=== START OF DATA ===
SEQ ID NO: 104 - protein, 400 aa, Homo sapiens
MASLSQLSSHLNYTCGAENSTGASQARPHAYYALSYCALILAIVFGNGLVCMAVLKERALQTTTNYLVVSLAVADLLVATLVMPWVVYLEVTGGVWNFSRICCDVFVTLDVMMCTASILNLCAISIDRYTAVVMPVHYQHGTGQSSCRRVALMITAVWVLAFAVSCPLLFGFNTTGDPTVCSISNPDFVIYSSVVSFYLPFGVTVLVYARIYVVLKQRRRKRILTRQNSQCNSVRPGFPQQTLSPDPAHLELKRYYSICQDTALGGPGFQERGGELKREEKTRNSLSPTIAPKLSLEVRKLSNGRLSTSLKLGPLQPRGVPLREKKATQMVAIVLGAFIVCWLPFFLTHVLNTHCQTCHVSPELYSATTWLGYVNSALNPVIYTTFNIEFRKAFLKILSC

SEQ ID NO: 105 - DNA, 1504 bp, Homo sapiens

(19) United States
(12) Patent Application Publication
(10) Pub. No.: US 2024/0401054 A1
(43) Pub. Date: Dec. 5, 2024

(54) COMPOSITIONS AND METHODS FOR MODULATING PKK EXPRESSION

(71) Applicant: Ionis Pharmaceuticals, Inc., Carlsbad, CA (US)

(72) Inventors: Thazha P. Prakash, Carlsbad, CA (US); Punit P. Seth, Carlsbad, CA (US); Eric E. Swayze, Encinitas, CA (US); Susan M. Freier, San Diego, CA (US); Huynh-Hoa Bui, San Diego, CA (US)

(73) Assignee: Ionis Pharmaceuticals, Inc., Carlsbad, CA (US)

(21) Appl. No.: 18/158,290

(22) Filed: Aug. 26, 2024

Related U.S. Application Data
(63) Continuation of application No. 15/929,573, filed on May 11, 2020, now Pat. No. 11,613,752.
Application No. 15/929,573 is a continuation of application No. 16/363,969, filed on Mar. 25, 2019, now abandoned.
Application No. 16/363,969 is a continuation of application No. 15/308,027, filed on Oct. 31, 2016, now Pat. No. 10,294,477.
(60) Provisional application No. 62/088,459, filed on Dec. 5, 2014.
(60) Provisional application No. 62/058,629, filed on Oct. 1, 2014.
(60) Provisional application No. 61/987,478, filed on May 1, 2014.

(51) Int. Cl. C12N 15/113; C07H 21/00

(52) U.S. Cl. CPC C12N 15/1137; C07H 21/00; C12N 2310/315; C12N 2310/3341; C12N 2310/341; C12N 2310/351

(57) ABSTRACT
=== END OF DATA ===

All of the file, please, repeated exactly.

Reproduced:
SEQ ID NO: 104 - protein, 400 aa, Homo sapiens
MASLSQLSSHLNYTCGAENSTGASQARPHAYYALSYCALILAIVFGNGLVCMAVLKERALQTTTNYLVVSLAVADLLVATLVMPWVVYLEVTGGVWNFSRICCDVFVTLDVMMCTASILNLCAISIDRYTAVVMPVHYQHGTGQSSCRRVALMITAVWVLAFAVSCPLLFGFNTTGDPTVCSISNPDFVIYSSVVSFYLPFGVTVLVYARIYVVLKQRRRKRILTRQNSQCNSVRPGFPQQTLSPDPAHLELKRYYSICQDTALGGPGFQERGGELKREEKTRNSLSPTIAPKLSLEVRKLSNGRLSTSLKLGPLQPRGVPLREKKATQMVAIVLGAFIVCWLPFFLTHVLNTHCQTCHVSPELYSATTWLGYVNSALNPVIYTTFNIEFRKAFLKILSC

SEQ ID NO: 105 - DNA, 1504 bp, Homo sapiens

(19) United States
(12) Patent Application Publication
(10) Pub. No.: US 2024/0401054 A1
(43) Pub. Date: Dec. 5, 2024

(54) COMPOSITIONS AND METHODS FOR MODULATING PKK EXPRESSION

(71) Applicant: Ionis Pharmaceuticals, Inc., Carlsbad, CA (US)

(72) Inventors: Thazha P. Prakash, Carlsbad, CA (US); Punit P. Seth, Carlsbad, CA (US); Eric E. Swayze, Encinitas, CA (US); Susan M. Freier, San Diego, CA (US); Huynh-Hoa Bui, San Diego, CA (US)

(73) Assignee: Ionis Pharmaceuticals, Inc., Carlsbad, CA (US)

(21) Appl. No.: 18/158,290

(22) Filed: Aug. 26, 2024

Related U.S. Application Data
(63) Continuation of application No. 15/929,573, filed on May 11, 2020, now Pat. No. 11,613,752.
Application No. 15/929,573 is a continuation of application No. 16/363,969, filed on Mar. 25, 2019, now abandoned.
Application No. 16/363,969 is a continuation of application No. 15/308,027, filed on Oct. 31, 2016, now Pat. No. 10,294,477.
(60) Provisional application No. 62/088,459, filed on Dec. 5, 2014.
(60) Provisional application No. 62/058,629, filed on Oct. 1, 2014.
(60) Provisional application No. 61/987,478, filed on May 1, 2014.

(51) Int. Cl. C12N 15/113; C07H 21/00

(52) U.S. Cl. CPC C12N 15/1137; C07H 21/00; C12N 2310/315; C12N 2310/3341; C12N 2310/341; C12N 2310/351

(57) ABSTRACT